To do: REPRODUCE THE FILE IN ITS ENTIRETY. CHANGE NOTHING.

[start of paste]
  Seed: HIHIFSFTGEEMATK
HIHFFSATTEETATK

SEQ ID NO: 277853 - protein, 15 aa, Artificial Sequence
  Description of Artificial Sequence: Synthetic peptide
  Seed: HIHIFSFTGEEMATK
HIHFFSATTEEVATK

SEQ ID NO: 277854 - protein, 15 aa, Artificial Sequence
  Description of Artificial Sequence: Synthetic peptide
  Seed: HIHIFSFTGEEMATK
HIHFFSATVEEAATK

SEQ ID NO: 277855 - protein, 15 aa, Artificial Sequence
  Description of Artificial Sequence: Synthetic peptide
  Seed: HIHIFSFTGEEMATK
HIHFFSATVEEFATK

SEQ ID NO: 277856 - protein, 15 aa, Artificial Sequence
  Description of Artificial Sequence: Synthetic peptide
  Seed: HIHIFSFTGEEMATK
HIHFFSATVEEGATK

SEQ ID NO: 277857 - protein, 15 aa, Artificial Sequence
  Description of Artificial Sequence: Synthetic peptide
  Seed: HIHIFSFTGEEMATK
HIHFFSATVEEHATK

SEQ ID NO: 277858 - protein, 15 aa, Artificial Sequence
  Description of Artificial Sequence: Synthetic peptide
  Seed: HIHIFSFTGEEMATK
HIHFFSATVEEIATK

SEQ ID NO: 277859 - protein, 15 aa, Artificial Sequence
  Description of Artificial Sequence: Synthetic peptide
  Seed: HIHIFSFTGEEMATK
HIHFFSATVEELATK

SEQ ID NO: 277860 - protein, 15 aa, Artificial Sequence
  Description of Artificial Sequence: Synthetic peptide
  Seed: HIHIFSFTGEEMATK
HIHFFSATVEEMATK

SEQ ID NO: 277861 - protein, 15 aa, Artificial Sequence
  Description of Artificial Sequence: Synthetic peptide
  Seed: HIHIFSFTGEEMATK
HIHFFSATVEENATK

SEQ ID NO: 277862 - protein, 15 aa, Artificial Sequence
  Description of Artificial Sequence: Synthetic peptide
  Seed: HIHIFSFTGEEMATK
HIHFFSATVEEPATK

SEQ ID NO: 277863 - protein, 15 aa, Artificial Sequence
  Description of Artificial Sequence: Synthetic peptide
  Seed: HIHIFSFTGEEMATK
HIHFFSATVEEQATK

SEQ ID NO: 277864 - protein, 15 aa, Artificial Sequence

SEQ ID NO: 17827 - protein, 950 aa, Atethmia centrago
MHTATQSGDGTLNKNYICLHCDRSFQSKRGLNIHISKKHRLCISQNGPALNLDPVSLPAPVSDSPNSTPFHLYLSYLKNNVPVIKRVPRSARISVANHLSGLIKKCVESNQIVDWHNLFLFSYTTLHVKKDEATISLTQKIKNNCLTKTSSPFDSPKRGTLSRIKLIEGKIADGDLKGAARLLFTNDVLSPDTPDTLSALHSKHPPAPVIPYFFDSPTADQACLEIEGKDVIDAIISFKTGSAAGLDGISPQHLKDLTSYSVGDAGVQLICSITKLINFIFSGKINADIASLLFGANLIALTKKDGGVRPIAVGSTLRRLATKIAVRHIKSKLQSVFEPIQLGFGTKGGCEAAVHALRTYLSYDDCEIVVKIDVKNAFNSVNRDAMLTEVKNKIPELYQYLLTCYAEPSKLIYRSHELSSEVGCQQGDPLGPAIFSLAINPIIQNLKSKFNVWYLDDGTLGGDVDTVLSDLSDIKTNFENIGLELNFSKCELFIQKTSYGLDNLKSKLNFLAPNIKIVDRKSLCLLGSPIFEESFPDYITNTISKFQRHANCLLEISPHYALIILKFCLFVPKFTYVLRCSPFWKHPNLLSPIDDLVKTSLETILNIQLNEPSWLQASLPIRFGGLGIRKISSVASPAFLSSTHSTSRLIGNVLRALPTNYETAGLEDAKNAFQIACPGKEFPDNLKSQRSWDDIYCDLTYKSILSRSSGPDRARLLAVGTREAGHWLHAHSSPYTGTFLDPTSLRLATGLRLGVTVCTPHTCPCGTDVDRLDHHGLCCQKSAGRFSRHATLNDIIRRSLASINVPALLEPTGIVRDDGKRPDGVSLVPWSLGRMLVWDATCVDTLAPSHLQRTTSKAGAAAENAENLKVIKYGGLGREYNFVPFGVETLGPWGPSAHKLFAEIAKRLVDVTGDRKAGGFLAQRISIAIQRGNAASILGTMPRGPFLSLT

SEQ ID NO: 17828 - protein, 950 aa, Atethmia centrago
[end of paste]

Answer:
  Seed: HIHIFSFTGEEMATK
HIHFFSATTEETATK

SEQ ID NO: 277853 - protein, 15 aa, Artificial Sequence
  Description of Artificial Sequence: Synthetic peptide
  Seed: HIHIFSFTGEEMATK
HIHFFSATTEEVATK

SEQ ID NO: 277854 - protein, 15 aa, Artificial Sequence
  Description of Artificial Sequence: Synthetic peptide
  Seed: HIHIFSFTGEEMATK
HIHFFSATVEEAATK

SEQ ID NO: 277855 - protein, 15 aa, Artificial Sequence
  Description of Artificial Sequence: Synthetic peptide
  Seed: HIHIFSFTGEEMATK
HIHFFSATVEEFATK

SEQ ID NO: 277856 - protein, 15 aa, Artificial Sequence
  Description of Artificial Sequence: Synthetic peptide
  Seed: HIHIFSFTGEEMATK
HIHFFSATVEEGATK

SEQ ID NO: 277857 - protein, 15 aa, Artificial Sequence
  Description of Artificial Sequence: Synthetic peptide
  Seed: HIHIFSFTGEEMATK
HIHFFSATVEEHATK

SEQ ID NO: 277858 - protein, 15 aa, Artificial Sequence
  Description of Artificial Sequence: Synthetic peptide
  Seed: HIHIFSFTGEEMATK
HIHFFSATVEEIATK

SEQ ID NO: 277859 - protein, 15 aa, Artificial Sequence
  Description of Artificial Sequence: Synthetic peptide
  Seed: HIHIFSFTGEEMATK
HIHFFSATVEELATK

SEQ ID NO: 277860 - protein, 15 aa, Artificial Sequence
  Description of Artificial Sequence: Synthetic peptide
  Seed: HIHIFSFTGEEMATK
HIHFFSATVEEMATK

SEQ ID NO: 277861 - protein, 15 aa, Artificial Sequence
  Description of Artificial Sequence: Synthetic peptide
  Seed: HIHIFSFTGEEMATK
HIHFFSATVEENATK

SEQ ID NO: 277862 - protein, 15 aa, Artificial Sequence
  Description of Artificial Sequence: Synthetic peptide
  Seed: HIHIFSFTGEEMATK
HIHFFSATVEEPATK

SEQ ID NO: 277863 - protein, 15 aa, Artificial Sequence
  Description of Artificial Sequence: Synthetic peptide
  Seed: HIHIFSFTGEEMATK
HIHFFSATVEEQATK

SEQ ID NO: 277864 - protein, 15 aa, Artificial Sequence

SEQ ID NO: 17827 - protein, 950 aa, Atethmia centrago
MHTATQSGDGTLNKNYICLHCDRSFQSKRGLNIHISKKHRLCISQNGPALNLDPVSLPAPVSDSPNSTPFHLYLSYLKNNVPVIKRVPRSARISVANHLSGLIKKCVESNQIVDWHNLFLFSYTTLHVKKDEATISLTQKIKNNCLTKTSSPFDSPKRGTLSRIKLIEGKIADGDLKGAARLLFTNDVLSPDTPDTLSALHSKHPPAPVIPYFFDSPTADQACLEIEGKDVIDAIISFKTGSAAGLDGISPQHLKDLTSYSVGDAGVQLICSITKLINFIFSGKINADIASLLFGANLIALTKKDGGVRPIAVGSTLRRLATKIAVRHIKSKLQSVFEPIQLGFGTKGGCEAAVHALRTYLSYDDCEIVVKIDVKNAFNSVNRDAMLTEVKNKIPELYQYLLTCYAEPSKLIYRSHELSSEVGCQQGDPLGPAIFSLAINPIIQNLKSKFNVWYLDDGTLGGDVDTVLSDLSDIKTNFENIGLELNFSKCELFIQKTSYGLDNLKSKLNFLAPNIKIVDRKSLCLLGSPIFEESFPDYITNTISKFQRHANCLLEISPHYALIILKFCLFVPKFTYVLRCSPFWKHPNLLSPIDDLVKTSLETILNIQLNEPSWLQASLPIRFGGLGIRKISSVASPAFLSSTHSTSRLIGNVLRALPTNYETAGLEDAKNAFQIACPGKEFPDNLKSQRSWDDIYCDLTYKSILSRSSGPDRARLLAVGTREAGHWLHAHSSPYTGTFLDPTSLRLATGLRLGVTVCTPHTCPCGTDVDRLDHHGLCCQKSAGRFSRHATLNDIIRRSLASINVPALLEPTGIVRDDGKRPDGVSLVPWSLGRMLVWDATCVDTLAPSHLQRTTSKAGAAAENAENLKVIKYGGLGREYNFVPFGVETLGPWGPSAHKLFAEIAKRLVDVTGDRKAGGFLAQRISIAIQRGNAASILGTMPRGPFLSLT

SEQ ID NO: 17828 - protein, 950 aa, Atethmia centrago